Early childhood educational programs that effectively link emotional and motivational arousal with activities designed to exercise and promote executive functions have been effective in enhancing self-regulation, school readiness, and school success.

• Diamond, A., Barnett. W.S., Thomas, J., & Munro, S., (2007). Preschool Program Improves Cognitive Control, Science, 318, 1387-1388.

A growing body of new research indicates that many children start school not ready to learn not because they do not know their letters or numbers but because they lack one critical ability: the ability to regulate their social, emotional, and cognitive behaviors. Current research shows that self-regulation– often called executive function -- has a stronger association with academic achievement than IQ or entry-level reading or math skills.

Diamond’s research team obtained findings with direct and important implications for early childhood education. They compared two different educational approaches during the course of their study – The Tools of the Mind approach, based on Vygotsky’s insights into executive functioning, and the school district’s version of the Balanced Literacy Curriculum, which featured more direct academic instruction. They found that:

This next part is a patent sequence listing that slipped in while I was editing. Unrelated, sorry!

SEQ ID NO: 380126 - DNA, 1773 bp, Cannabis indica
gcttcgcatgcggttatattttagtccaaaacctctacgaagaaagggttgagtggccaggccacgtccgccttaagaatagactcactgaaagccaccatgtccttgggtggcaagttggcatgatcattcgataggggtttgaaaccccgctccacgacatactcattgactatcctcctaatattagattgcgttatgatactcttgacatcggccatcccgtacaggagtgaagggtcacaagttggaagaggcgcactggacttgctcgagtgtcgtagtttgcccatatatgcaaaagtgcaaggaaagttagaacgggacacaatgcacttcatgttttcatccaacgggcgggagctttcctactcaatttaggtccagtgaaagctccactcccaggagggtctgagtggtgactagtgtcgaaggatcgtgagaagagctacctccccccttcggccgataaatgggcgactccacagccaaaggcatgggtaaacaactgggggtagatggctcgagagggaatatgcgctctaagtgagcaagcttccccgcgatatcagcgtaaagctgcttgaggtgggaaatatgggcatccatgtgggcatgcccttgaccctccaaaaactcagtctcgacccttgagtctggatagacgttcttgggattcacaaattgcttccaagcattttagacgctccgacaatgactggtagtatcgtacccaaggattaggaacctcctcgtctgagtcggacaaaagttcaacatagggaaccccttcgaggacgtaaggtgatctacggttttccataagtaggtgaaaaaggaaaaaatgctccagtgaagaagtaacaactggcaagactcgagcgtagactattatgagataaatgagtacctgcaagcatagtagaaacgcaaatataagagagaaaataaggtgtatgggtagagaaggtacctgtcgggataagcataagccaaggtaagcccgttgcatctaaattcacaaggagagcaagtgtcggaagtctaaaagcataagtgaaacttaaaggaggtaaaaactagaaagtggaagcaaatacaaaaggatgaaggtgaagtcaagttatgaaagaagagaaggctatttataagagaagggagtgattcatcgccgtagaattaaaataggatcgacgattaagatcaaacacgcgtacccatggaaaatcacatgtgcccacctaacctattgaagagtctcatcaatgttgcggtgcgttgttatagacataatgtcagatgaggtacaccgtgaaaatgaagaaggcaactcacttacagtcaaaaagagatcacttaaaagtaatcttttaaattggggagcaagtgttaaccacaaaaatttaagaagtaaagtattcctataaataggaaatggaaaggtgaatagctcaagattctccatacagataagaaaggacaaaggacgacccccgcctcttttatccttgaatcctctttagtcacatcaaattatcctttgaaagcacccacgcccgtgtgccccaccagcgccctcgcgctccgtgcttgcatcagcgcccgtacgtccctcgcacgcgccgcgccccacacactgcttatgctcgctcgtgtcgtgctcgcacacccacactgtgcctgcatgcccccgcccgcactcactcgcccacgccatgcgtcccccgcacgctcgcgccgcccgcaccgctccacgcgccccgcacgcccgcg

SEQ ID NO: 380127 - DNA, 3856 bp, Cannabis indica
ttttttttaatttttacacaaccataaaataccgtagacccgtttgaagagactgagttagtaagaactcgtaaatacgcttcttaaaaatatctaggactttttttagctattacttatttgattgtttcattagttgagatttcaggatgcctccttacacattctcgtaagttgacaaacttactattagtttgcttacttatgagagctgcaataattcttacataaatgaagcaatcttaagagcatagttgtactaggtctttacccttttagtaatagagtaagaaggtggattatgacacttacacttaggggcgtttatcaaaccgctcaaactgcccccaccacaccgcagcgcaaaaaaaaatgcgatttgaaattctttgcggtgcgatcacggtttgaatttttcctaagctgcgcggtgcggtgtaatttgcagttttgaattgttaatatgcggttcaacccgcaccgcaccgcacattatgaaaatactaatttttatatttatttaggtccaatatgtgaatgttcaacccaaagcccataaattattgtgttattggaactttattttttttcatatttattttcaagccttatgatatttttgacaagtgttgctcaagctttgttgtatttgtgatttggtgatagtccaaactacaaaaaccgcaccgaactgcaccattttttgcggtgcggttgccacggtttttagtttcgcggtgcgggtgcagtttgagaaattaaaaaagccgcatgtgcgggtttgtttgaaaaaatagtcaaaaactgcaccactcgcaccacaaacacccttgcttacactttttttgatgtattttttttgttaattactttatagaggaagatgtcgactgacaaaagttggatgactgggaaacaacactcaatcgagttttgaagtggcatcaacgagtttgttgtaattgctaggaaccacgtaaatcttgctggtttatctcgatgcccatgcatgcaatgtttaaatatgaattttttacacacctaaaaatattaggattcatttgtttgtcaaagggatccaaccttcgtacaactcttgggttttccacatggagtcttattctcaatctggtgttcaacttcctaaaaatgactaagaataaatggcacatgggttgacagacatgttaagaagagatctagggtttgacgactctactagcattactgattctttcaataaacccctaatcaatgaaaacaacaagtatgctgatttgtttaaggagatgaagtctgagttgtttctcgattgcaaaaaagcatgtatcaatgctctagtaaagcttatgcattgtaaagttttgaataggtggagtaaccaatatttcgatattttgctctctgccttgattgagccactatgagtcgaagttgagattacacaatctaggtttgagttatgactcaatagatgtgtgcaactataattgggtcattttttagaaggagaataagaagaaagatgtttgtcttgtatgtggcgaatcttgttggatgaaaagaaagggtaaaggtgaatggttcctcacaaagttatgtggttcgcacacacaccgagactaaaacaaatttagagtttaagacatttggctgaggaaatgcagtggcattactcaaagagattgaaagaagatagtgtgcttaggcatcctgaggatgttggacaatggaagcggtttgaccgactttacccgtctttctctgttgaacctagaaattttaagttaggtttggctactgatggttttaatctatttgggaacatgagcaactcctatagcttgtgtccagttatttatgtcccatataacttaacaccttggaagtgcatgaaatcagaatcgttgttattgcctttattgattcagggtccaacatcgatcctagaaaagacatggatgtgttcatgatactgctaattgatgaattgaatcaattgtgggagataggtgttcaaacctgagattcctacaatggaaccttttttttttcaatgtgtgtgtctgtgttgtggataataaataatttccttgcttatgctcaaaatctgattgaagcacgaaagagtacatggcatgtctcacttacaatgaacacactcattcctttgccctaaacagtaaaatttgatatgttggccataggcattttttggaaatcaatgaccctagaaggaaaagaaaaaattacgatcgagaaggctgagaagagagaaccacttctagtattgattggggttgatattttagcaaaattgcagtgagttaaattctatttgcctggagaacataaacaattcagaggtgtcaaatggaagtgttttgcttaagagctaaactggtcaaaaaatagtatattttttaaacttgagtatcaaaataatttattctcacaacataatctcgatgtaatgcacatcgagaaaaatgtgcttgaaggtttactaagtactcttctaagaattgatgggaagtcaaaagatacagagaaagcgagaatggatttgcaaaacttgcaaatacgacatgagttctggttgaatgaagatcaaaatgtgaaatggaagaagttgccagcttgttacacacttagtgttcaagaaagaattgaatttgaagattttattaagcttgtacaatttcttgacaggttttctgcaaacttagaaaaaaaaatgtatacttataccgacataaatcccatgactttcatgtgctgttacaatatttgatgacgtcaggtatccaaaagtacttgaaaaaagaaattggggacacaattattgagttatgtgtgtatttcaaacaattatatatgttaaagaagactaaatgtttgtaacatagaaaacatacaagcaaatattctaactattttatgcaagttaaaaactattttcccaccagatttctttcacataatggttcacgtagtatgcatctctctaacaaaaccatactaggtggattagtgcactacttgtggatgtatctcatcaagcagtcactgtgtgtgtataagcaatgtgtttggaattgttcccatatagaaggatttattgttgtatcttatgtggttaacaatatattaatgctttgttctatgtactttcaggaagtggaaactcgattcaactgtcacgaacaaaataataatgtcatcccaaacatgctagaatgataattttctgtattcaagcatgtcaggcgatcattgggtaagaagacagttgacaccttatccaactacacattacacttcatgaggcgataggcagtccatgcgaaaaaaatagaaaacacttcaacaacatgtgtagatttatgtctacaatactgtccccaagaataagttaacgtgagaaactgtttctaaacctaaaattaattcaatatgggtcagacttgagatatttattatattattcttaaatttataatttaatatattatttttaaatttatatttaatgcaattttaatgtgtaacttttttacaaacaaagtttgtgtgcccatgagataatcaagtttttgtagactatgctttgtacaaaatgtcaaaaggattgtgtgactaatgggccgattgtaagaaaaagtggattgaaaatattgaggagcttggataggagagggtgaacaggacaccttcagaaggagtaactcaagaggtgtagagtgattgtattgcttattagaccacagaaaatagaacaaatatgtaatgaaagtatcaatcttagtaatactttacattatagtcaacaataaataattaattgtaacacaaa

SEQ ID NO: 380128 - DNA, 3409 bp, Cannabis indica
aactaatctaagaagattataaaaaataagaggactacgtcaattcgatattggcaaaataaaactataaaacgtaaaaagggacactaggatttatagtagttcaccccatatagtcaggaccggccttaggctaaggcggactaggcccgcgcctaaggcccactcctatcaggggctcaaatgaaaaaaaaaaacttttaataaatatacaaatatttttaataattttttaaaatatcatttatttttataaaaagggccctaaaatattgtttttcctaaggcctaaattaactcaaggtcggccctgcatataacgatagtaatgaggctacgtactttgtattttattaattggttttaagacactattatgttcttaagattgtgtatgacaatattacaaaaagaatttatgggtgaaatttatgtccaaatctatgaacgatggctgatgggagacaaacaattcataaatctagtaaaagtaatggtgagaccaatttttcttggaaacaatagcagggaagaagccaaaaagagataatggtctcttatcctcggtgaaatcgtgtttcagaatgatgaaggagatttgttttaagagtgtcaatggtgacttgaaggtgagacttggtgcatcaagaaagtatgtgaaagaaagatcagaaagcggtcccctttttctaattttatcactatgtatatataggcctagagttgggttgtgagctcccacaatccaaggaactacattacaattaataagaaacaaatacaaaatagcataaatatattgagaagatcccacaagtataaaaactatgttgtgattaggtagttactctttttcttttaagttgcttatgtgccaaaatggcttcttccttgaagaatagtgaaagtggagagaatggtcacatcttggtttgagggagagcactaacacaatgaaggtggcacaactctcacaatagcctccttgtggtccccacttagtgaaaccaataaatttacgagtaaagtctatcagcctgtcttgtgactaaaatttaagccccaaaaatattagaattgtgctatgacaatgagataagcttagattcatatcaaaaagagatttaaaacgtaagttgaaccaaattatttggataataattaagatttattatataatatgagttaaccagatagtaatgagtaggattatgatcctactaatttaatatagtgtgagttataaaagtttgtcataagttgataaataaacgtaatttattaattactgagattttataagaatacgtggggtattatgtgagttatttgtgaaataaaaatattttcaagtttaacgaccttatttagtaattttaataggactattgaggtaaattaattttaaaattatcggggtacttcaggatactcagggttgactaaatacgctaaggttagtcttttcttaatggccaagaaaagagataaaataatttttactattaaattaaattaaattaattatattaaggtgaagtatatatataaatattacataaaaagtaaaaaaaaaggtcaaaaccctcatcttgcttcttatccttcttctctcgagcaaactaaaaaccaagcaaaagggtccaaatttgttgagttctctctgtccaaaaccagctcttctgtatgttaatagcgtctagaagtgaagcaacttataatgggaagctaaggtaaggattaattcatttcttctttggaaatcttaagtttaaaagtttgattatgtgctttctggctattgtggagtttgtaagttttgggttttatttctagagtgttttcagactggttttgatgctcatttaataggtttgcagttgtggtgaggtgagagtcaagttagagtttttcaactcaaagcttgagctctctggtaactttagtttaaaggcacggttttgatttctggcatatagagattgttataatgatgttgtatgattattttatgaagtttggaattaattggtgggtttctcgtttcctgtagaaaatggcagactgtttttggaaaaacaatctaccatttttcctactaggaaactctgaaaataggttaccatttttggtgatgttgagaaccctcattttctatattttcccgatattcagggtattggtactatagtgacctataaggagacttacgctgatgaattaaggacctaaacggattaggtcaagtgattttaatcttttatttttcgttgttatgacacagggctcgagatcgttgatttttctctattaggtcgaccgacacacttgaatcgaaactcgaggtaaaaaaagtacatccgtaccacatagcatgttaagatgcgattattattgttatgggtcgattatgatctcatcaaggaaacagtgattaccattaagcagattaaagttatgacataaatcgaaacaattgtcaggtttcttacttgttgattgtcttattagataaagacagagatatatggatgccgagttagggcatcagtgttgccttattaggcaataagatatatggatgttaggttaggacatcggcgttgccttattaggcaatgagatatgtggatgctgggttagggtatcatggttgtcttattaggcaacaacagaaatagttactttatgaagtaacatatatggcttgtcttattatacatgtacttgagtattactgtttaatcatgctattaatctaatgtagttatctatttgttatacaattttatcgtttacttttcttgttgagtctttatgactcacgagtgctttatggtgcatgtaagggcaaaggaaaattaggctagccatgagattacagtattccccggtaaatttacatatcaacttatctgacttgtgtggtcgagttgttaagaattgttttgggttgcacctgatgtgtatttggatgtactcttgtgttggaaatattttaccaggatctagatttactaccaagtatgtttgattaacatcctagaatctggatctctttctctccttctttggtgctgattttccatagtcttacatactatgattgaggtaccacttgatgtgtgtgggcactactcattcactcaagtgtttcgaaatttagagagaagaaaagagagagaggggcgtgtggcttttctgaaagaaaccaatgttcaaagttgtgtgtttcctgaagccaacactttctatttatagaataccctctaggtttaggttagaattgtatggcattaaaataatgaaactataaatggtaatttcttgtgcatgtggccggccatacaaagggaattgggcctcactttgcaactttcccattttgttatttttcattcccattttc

-Executive function can be improved in four to five year-olds. Some believed that was too early to try to improve these skills.

-Executive function can be improved in regular public-school classes, without expensive, high-tech equipment or one on one attention and by regular public-school teachers.

-A program that emphasized dramatic play produced better executive functioning abilities (and others showed improved academic outcomes) than ones that devoted more time to direct academic instruction (indicating that play may aid academic goals rather than take time away from achieving them).

This report also discusses characteristics of mature, intentional make-believe play, with further analysis of the Tools of the Mind curriculum.

• Diamond, A. (2007). Interrelated and Interdependent. Developmental Science., Garsington Road, Oxford: Blackwell Publishing Ltd.

The possibilities for building and nourishing connections among the social, cultural, biological and cognitive sciences in the service of understanding children and their development are tremendously exciting. Crossing, and integrating across disciplinary boundaries, especially those disciplines relating to biology/neuroscience, society/culture, cognition, emotion, perception, and motor function has greatly increased over the last decade and hopefully will increase exponentially in the future. All of these aspects of being human are interrelated and we need to make far more progress in understanding those relationships.